Cities as Solutions:
the 56th ERSA Congress in Vienna
The world’s largest regional sciences congress, the 56th Congress of the European Regional Science Association (ERSA), concluded on August 26, 2016. The Congress was entitled “Cities & Regions: Smart, Sustainable, Inclusive?” and provided 850 participants from 58 countries with the opportunity to discuss some of today’s hottest topics, including unemployment, smart cities, and sustainable regional development.
Sustainability was not just one of the topics discussed at the conference, it was also a practical guideline for the organizers, as the Congress was granted “green meeting” certification by the Austrian Ecolabel. In addition to the talks at the conference, participants were able to see examples of sustainable urban development first hand during a series of highly interesting field trips, e.g. to Vienna’s Seestadt Aspern, Magda’s Hotel, or the Lobau wetlands national park, where the tensions between urban development and environmental conservation efforts create land use conflicts.
During the conference, cities were addressed as part of the solution and not as a hurdle for sustainable regional development, for example in Edward Glaeser’s keynote during the opening session: While Mahatma Gandhi claimed that freedom and independence were only to be found in villages, Glaeser claims that in this respect, the great man was wrong. The expertise concentrated in urban centers and the diversity of human interaction found in cities make it much easier to create the strong networks needed for both social and ecological innovation.
To encourage this kind of innovation, prizes for particularly outstanding work were awarded at the Congress. The EIB-ERSA Prize, worth € 10,000 and funded by the European Investment Bank, went to Professor Bernard Fingleton from Cambridge University. With this prize, the jury honored Professor Fingleton’s research in theoretical and empirical spatial economics, dealing with not just urban and regional issues but also problems on the national and global levels.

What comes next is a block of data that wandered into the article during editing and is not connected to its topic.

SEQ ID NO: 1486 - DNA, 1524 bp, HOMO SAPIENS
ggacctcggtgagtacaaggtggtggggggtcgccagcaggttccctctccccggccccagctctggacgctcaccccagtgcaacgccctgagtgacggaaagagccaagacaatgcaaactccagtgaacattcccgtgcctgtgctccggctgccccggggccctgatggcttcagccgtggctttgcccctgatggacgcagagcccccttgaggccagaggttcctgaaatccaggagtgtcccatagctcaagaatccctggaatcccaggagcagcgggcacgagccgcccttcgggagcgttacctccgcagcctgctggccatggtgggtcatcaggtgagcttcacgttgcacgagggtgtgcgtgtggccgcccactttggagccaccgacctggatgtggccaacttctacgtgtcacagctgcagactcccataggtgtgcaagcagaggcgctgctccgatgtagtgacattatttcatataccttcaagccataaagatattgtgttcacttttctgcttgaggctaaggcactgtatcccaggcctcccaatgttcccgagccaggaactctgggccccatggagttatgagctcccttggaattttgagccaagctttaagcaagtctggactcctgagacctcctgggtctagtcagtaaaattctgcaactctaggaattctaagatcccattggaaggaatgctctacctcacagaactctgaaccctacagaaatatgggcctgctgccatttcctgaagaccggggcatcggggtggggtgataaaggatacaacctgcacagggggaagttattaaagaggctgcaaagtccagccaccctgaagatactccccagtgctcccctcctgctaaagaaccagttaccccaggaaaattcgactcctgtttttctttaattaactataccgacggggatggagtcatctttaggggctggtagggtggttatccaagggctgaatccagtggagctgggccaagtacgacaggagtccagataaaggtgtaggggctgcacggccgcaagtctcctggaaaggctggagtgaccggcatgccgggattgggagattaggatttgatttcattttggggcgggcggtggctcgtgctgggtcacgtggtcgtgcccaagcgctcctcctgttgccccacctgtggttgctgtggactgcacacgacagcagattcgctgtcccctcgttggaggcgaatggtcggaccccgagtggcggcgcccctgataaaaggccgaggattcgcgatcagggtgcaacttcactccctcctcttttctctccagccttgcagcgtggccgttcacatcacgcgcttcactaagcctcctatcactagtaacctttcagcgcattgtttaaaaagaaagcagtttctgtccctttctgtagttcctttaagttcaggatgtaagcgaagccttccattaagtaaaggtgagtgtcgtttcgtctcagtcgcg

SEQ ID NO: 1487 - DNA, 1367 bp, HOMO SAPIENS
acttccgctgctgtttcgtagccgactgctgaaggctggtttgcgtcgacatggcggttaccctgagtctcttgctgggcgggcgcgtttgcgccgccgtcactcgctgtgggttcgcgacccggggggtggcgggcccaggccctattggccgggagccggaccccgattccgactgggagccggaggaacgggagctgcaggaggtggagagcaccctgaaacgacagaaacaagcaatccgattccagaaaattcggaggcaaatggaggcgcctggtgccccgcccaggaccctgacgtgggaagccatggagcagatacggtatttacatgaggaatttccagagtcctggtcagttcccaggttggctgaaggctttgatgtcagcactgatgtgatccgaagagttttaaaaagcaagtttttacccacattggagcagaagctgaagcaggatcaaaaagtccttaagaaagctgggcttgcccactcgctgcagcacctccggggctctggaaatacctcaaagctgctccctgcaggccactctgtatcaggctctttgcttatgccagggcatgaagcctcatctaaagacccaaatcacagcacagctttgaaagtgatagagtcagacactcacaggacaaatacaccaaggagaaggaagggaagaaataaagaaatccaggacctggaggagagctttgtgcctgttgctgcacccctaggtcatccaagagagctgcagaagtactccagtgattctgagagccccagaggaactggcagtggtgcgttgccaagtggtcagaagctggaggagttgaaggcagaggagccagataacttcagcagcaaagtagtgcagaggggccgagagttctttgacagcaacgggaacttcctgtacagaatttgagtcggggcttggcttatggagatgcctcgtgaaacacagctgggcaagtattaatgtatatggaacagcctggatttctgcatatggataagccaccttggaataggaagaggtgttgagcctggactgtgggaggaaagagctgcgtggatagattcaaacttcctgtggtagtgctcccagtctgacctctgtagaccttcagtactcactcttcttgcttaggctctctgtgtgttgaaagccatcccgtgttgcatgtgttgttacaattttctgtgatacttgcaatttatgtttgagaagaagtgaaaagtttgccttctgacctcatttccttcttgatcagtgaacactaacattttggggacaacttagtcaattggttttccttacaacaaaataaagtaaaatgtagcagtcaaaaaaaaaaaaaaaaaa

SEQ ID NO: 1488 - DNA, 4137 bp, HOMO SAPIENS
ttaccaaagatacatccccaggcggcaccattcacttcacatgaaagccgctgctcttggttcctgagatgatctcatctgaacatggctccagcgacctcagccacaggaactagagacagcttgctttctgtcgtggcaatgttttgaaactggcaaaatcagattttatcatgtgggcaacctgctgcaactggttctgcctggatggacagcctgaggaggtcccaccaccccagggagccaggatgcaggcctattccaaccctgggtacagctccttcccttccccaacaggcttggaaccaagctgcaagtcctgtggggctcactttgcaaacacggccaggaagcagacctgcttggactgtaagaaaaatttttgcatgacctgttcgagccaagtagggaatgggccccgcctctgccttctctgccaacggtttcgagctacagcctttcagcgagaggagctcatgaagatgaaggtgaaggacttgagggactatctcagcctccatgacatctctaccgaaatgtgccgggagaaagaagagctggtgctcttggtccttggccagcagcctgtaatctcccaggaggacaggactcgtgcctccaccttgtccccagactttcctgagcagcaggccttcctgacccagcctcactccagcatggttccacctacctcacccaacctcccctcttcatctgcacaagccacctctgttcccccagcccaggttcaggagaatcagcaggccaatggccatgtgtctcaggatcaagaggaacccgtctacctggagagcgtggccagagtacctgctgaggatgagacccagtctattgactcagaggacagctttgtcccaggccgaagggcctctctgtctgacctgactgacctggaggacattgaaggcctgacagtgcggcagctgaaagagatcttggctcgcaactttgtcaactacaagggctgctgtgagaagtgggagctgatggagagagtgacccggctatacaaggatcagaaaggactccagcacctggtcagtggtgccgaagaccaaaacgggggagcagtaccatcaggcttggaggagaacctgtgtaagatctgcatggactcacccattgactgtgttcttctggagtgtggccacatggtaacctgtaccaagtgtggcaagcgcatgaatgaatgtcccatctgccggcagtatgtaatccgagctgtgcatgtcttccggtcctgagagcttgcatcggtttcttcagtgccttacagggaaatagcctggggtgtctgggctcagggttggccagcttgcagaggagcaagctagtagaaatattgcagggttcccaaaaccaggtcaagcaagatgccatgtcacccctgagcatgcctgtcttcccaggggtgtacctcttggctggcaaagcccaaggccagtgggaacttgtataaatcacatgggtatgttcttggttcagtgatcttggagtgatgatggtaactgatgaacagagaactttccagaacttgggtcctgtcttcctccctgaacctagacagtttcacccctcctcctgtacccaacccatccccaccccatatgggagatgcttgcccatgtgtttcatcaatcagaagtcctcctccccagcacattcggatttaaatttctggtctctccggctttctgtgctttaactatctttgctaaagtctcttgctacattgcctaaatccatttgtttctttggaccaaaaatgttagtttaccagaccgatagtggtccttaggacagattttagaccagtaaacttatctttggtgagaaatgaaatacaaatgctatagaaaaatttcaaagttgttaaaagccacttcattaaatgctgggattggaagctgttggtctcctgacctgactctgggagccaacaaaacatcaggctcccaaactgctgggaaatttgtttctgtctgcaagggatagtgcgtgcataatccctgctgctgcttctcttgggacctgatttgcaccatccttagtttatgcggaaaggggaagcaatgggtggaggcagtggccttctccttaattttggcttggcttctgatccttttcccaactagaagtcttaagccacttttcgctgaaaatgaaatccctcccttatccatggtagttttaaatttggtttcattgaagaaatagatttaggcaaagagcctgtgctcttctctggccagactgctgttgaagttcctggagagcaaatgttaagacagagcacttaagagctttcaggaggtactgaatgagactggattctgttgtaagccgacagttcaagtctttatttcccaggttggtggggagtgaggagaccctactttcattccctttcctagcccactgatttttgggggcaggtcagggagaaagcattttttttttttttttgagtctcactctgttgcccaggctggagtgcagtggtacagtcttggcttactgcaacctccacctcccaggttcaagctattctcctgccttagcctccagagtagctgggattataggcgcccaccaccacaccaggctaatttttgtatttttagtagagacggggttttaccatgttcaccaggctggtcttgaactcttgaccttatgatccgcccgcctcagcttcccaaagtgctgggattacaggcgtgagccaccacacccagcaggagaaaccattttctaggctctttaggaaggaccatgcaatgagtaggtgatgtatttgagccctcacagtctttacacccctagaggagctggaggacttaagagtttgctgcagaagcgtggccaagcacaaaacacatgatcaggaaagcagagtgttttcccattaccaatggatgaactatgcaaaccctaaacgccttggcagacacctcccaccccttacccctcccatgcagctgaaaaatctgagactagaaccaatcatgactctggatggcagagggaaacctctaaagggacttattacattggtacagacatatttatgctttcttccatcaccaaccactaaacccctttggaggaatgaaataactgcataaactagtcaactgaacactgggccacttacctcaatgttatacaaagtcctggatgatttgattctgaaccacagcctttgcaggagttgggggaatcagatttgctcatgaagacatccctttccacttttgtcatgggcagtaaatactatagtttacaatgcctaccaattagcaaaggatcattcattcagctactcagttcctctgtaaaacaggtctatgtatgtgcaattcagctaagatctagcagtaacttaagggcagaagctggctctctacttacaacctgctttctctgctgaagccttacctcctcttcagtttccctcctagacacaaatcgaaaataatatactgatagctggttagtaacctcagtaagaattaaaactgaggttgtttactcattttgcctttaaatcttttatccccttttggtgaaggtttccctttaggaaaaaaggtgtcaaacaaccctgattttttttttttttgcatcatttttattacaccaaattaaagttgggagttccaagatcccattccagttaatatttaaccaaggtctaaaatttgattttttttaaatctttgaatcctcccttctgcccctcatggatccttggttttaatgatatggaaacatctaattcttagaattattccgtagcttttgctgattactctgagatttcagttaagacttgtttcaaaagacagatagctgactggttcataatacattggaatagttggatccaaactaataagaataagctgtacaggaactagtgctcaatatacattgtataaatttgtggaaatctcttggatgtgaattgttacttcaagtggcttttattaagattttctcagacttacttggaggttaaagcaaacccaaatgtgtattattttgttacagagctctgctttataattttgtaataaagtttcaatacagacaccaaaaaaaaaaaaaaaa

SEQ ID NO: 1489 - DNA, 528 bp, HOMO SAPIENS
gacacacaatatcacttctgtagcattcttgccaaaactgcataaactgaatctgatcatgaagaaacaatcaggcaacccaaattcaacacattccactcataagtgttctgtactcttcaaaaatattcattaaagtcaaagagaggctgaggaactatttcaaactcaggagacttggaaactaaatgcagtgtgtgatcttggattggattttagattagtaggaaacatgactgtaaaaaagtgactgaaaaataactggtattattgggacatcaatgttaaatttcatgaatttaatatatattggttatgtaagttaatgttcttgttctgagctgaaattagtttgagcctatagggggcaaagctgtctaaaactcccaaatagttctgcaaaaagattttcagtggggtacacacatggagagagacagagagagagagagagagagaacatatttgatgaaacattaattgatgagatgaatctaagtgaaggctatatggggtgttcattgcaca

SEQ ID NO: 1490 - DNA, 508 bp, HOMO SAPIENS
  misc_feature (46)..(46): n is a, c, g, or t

The city of Lienz sponsored the Epainos Preis for junior researchers. This prize was awarded to Michael Wyrwich from the Friedrich Schiller University in Jena, Germany, for his paper “Persistence of spatial differences of female labor force participation”. The German-speaking section of ERSA is celebrating its 50th anniversary this year. In the conference the section awarded the August Lösch Prize to Adam Storeygard from Tufts University, Massachusetts, USA. The August Lösch Prize is sponsored by the city of Heidenheim and named after one of the world’s most important German regional economists, a citizen of Heidenheim who died in 1945.
Other generous sponsors of the 56th Congress of the European Regional Science Association included the BMVIT - Austrian Federal Ministry of Transport, Innovation and Technology, the Vienna Convention Bureau, and the Vienna University of Technology. The Congress was organized by Gunther Maier (Institute of Multilevel Governance and Development, Vienna University of Economics and Business).